So far in this column, the default setting for TV horror has been the supernatural; usually ghosts (vengeful division), and a cult or two (whether it be Satan or crops). However, I would be remiss if I didn’t tend to any unusual domestic activities on a more human scale. This brings us to The Babysitter (1980), Peter Medak’s chilling tale of live-in help with some serious boundary issues. She doesn’t do windows, but she will do away with you and your family.
Originally airing on Friday, November 28th, 1980 as part of the ABC Friday Night Movie, The Babysitter as well as NBC’s Friday Night at the Movies would get trounced by CBS’ top rated shows The Dukes of Hazzard and Dallas, but those were number two and one in the land, so nobody was breaking through that block, not even the nanny from Hell.
Let’s see what our Pledge smudged TV GUIDE has in store for us:
THE BABYSITTER (Friday, 9pm, ABC)
A fractured family’s new hired help may be hiding a terrible secret. William Shatner, Patty Duke Astin star.
The Benedict family has just moved into their new home on the island. Dad Jeff (William Shatner – Kingdom of the Spiders) is a dentist in the city, mom Liz (Patty Duke Astin – The Swarm) is stay at home and a recovering alcoholic and daughter Tara (Quinn Cummings – The Goodbye Girl) is a weird 12 year old who still plays with dolls. No one gets along great with anyone; it’s clear the grown ups are having marital issues, and Tara has no friends to bitch to about her folks. Enter Joanna (Stephanie Zimbalist – The Awakening), a beautiful 18 year old girl who Tara spots one day on their property. Joanna tells Tara she lives on the other side of the island, looking after a family. After Joanna pulls Liz from a car wreck, she decides to hire her to look after the family, to Jeff’s initial and natural concern.
Everything goes swimmingly at first; Joanna is seen as a mentor to Tara, and tends to the household with little personal interference. However, neighbor Dr. Lindquist (John Houseman – The Fog) has misgivings about Joanna from the start, and does some digging into her past, which before long will collide with the present as she worms her way into (and drives a wedge between) the Benedict clan. Will they find out that Joanna’s resume is lacking in living clients before it’s too late?
The Babysitter does not revel in the soapy or heightened sensibilities of later features such as Fatal Attraction (1987) or The Hand That Rocks the Cradle (1992). Now, you have Duke (or Duke Astin, here still married to Gomez Addams) and Shatner, so there are a few scenes of hysterics, but for the most part director Medak and writer Jennifer Miller (The Dark Secret of Harvest Home) go for a low key approach that ups the creepy factor. A boating “accident” treated calmly by one character and the slow reveal by Houseman as he searches the plastic wrapped inside of a home offer up a serene dread where theatrics could have easily hammered home the point, a style that Medak effectively wielded with the same year’s The Changeling. Some of this can be chalked up to budgetary constraints inherent in the TV realm, but regardless it’s refreshing to see the subject matter treated in a serious manner.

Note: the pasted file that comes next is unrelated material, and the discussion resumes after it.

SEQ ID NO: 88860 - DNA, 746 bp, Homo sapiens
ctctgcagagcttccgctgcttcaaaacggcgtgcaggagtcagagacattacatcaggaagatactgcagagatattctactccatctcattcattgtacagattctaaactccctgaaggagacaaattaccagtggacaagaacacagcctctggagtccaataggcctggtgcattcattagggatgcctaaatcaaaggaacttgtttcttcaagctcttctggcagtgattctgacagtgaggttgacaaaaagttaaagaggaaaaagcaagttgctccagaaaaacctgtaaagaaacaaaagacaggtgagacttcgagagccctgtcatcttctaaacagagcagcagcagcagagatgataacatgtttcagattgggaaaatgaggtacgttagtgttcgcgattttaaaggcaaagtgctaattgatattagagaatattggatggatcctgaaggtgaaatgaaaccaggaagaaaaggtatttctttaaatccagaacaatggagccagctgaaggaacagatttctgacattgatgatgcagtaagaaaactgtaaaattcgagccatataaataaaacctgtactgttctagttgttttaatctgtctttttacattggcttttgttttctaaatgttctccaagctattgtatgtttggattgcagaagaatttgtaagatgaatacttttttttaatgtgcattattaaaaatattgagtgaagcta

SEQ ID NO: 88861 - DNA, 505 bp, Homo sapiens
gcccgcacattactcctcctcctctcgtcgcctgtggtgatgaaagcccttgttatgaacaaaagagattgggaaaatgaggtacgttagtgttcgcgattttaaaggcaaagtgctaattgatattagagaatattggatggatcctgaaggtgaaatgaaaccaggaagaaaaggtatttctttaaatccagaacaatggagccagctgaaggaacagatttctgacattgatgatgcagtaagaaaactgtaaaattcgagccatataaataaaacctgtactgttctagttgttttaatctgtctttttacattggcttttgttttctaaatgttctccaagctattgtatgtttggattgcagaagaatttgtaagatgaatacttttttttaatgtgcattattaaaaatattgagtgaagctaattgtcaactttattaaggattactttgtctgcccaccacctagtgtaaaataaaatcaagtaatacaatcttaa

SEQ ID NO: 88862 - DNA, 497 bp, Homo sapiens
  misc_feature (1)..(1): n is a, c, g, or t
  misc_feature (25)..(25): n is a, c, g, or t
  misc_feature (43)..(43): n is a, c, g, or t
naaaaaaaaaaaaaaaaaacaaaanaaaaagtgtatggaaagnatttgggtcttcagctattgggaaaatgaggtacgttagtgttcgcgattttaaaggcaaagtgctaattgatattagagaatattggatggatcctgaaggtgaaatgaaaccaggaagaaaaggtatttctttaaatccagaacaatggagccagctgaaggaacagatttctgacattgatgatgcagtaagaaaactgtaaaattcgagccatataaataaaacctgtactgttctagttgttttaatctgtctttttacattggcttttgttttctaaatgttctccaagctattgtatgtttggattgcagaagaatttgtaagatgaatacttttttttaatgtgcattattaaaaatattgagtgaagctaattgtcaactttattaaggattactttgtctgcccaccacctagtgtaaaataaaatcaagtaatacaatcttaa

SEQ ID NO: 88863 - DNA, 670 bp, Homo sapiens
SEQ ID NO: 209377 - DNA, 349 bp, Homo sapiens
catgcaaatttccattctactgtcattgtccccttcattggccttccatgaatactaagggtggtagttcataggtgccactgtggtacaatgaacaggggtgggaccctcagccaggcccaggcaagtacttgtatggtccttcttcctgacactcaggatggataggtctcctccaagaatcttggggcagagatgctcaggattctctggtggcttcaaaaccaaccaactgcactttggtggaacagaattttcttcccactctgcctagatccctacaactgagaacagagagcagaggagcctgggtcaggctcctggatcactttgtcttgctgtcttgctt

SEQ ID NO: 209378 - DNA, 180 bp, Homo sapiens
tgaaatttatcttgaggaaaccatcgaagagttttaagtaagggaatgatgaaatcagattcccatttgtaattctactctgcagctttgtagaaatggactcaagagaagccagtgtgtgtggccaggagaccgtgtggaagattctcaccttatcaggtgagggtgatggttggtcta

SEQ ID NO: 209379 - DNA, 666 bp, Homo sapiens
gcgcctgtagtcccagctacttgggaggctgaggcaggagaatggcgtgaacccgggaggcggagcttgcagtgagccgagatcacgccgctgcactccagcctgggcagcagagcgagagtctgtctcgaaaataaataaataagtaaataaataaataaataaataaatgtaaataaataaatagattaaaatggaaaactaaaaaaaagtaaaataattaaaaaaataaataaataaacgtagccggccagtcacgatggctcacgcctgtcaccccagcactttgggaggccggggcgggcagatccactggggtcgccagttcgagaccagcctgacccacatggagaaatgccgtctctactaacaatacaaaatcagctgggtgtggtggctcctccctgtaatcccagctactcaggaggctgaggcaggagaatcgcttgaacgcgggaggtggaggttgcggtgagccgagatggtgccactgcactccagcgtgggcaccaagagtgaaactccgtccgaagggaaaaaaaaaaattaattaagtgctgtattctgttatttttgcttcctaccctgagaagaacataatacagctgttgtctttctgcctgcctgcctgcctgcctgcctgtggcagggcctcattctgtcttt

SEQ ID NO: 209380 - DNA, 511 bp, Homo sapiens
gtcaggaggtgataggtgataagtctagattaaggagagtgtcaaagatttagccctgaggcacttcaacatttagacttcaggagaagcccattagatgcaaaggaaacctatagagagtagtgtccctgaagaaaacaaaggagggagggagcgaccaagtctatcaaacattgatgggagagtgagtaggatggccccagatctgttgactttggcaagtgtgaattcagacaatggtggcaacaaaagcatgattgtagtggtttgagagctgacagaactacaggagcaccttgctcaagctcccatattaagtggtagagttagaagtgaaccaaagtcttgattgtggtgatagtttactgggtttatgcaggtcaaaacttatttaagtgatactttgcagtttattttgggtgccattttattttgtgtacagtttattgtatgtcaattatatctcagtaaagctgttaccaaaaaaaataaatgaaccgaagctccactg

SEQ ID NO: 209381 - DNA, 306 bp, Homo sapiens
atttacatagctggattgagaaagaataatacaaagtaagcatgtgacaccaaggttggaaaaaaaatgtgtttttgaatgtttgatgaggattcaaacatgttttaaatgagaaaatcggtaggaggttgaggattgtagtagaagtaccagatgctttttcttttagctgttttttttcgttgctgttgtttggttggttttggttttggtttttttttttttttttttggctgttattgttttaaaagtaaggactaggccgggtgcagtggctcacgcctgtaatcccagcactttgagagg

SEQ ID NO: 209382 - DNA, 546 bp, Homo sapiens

But it’s also very entertaining. This is B material all the way, from Liz’s predictable fall from sobriety to Joanna’s seduction of Jeff, frightened hairpiece and all. It just doesn’t get in your face about it, until a dramatic finale that is tinged with sadness, all due to a cast member who rises above her material to deliver a surprisingly touching (in addition to super creepy) performance – one Stephanie Zimbalist.
This isn’t to say that the rest of the cast doesn’t rise up to the material; Duke Astin always does distraught with a clear eyed intelligence, and Shatner is for the most part restrained, at least according to the Shatner Scale. Cummings was outgrowing her cute girl phase, and gives a solid turn as the quirky adolescent who turns against her mentor before anyone else comes around. As for the voice of reason, who else do you get besides the seasoned Houseman? But the whole show would collapse without the right actress in the lead, and Zimbalist brings an insidious charm and pathos to Joanna beyond the surprisingly grounded back story afforded her. Her unassuming, freshly scrubbed appearance belies a tragic past and she slowly reveals layers of the character in gripping interactions with Shatner, Duke Astin, and especially Houseman. She’s never less than believable as the fractured girl, and even gives Joanna a gnarled sense of dignity. She’s simply terrific.
The Babysitter doesn’t offer the viewer any apparitions to expel, or malevolent demons to purge. The evils presented here are firmly entrenched in the ideals of family, and a yearning for inclusion that can lead down some pretty dark roads. Oh, and let’s not forget, a proclivity for plastic wrap.Next: It Came From The Tube: CROWHAVEN FARM (1970)